George Voskovec (George Voskovec)

George Voskovec

George Voskovec was born as Jiří Wachsmann in Sázava, Bohemia, present-day Czech Republic. He attended school in Prague and Dijon, France. In 1927, together with Werich, he joined the Osvobozené divadlo (Liberated Theater), which had been created two years earlier by members of the avant-garde Devětsil group, Jiří Frejka and Jindřich Honzl. After disagreements led Frejka to leave the group in 1927, Honzl asked Voskovec and Werich, 22-year-old law students who had created a sensation with their Vest Pocket Revue that year, to join the theatre. When Honzl, who had directed their productions, left in 1929, Voskovec and Werich took control of the theatre and changed its name to the Liberated Theatre of Voskovec and Werich, assuming all responsibility for direction, writing, librettos, and other artistic decisions. The Liberated became a center for Czech clownery, a reaction to contemporary political and societal problems. Their performances began with the primary goal of evoking laughter through fantasy, but with the changing political situation in Germany their work became increasingly anti-fascist, which led to the closure of the Liberated Theater after the Munich agreement in 1938. Both Voskovec and Werich fled to the United States in early 1939. For the rest of his life, Voskovec lived primarily in the United States, interrupted only by brief stays in Czechoslovakia in 1948 and in France from 1948 to 1950. Until the mid-1940s, Voskovec worked and wrote mostly with Jan Werich, but after Werich’s return to Communist Czechoslovakia, they met only a few more times. After his return to the United States in 1950, George Voskovec was unjustly interned at Ellis Island for eleven months for his alleged sympathy for Communism.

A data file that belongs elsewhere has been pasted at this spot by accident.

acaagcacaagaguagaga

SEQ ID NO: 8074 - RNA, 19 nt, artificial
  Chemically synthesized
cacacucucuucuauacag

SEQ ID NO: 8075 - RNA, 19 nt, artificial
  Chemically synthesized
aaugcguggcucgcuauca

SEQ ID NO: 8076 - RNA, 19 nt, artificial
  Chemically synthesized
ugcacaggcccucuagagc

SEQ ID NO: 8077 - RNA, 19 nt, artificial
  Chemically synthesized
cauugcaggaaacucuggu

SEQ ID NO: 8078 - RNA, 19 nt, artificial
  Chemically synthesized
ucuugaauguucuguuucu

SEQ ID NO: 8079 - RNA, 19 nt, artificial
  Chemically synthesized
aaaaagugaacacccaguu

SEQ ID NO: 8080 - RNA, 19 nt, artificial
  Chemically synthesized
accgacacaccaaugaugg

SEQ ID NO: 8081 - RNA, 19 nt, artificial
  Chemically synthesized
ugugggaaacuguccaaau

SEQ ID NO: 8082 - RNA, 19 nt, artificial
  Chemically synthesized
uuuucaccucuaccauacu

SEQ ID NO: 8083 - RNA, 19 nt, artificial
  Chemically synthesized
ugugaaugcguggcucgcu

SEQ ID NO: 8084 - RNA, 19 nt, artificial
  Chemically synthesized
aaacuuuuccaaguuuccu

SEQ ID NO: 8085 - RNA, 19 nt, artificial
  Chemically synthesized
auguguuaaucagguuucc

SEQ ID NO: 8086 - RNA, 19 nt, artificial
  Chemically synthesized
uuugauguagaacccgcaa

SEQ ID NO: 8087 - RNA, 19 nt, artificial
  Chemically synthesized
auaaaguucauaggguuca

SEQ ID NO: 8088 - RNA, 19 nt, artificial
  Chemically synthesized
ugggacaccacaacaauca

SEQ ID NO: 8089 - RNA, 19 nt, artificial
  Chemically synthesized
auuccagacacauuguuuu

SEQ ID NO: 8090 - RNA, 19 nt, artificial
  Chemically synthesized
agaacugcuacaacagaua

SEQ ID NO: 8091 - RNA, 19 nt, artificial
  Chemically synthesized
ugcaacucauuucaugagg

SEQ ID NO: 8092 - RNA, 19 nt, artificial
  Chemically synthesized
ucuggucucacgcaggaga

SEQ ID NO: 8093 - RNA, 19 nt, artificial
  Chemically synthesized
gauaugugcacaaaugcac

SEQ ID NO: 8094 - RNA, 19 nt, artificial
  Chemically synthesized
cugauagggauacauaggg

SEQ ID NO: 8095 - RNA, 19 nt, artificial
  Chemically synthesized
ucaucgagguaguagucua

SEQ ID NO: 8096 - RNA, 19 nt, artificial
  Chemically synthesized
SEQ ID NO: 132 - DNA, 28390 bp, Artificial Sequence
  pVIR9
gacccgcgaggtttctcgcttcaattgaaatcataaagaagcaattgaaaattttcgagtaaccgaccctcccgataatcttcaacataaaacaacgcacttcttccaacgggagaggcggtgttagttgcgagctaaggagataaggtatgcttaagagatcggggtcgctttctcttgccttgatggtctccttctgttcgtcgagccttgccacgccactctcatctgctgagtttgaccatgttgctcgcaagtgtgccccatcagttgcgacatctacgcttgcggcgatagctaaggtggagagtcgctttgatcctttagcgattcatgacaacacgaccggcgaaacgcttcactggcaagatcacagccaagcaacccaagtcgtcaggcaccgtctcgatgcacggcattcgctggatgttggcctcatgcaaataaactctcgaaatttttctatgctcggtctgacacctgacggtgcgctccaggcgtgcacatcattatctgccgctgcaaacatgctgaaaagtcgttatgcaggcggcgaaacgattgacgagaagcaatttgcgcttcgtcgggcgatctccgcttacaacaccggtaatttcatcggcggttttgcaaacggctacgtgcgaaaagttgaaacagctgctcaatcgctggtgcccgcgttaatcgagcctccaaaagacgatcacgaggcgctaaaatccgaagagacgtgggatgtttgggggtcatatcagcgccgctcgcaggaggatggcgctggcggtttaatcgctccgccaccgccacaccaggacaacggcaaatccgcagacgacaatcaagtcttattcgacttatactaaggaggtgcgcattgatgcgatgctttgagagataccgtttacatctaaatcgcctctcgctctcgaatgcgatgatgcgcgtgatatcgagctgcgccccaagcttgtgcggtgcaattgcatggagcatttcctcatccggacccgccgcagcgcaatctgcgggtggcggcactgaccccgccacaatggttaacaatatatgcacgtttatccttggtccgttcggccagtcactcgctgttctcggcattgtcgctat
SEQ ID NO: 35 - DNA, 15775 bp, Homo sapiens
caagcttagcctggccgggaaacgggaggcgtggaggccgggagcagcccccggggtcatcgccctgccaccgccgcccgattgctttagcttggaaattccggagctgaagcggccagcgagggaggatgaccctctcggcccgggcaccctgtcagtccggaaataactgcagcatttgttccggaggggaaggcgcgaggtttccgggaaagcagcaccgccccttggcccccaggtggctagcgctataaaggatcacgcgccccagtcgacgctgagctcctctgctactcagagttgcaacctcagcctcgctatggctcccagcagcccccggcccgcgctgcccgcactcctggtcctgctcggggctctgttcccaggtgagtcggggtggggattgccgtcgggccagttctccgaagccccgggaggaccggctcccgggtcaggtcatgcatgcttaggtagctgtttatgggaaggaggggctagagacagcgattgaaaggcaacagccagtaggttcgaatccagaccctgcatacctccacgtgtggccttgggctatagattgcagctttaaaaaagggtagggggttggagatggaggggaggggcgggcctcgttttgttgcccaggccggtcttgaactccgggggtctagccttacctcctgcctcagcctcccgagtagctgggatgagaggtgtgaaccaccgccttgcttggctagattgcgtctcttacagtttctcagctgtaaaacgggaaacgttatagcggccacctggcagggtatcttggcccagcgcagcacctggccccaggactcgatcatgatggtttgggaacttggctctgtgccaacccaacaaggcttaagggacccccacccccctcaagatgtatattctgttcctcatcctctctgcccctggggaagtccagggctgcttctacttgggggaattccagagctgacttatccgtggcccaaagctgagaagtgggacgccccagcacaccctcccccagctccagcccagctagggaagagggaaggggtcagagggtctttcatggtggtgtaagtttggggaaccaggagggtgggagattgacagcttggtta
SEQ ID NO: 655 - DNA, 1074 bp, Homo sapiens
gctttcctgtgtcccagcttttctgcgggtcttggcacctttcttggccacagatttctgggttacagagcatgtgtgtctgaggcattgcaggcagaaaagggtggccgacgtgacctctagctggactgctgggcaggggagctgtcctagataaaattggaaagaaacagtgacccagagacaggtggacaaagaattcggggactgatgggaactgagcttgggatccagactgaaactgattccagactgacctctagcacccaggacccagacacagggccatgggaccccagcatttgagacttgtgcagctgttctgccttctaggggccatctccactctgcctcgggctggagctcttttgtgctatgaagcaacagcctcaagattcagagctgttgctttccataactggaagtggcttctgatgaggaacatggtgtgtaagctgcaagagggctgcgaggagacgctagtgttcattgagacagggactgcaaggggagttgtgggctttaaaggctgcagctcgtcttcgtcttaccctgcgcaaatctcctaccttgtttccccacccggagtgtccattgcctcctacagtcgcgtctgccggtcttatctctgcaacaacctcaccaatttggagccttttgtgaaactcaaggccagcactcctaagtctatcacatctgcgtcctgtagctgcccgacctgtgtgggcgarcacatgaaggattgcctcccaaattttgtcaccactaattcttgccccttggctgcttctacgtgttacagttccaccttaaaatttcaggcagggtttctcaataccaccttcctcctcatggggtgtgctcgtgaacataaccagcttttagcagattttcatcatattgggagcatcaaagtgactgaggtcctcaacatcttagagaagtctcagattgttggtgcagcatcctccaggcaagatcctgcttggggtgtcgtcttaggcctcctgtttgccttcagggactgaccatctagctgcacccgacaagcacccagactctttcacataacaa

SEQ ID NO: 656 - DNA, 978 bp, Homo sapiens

Although Voskovec lived in three countries and his maternal grandmother was French, he always maintained that “I am a born and bred Czech.” In 1955, he became an American citizen. As a result of his naturalization, he is sometimes referred to as “George Voskovec”. George Voskovec acted in 72 movies. Only the first five of these were Czech; the rest were American or British. His most famous American movie was as the 11th juror in 12 Angry Men (1957), in which a recognisably European immigrant to the US was central to his role. His other famous films included The Spy Who Came in from the Cold (1965) and The Boston Strangler (1968), as renowned psychic Peter Hurkos. His last movie was Barbarosa (1982), with Willie Nelson and Gary Busey. In 1975, he published the Czech spoken LP record “Relativně vzato”, where he reflects on his life and world in general. A sleeve note for this LP was written by another notable Czech émigré, author Josef Škvorecký. Voskovec also appeared in the 1978 television film The Nativity and the 1980 film Somewhere in Time, starring Christopher Reeve and Jane Seymour. In 1981 Voskovec played Fritz Brenner in the NBC TV series Nero Wolfe with William Conrad as Nero Wolfe. George Voskovec died in 1981 of a heart attack in Pearblossom, California, at the age of 76. He is survived by two daughters, Victoria and Georgeanne. His interment was at Olšany Cemetery in Prague.

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  • June, 19, 1905
  • Sázava, Czech Republic


  • July, 01, 1981
  • USA
  • Pearblossom, California

Cause of Death

  • heart attack


  • Olsanske hrbitovy
  • Prague, Czech Republic

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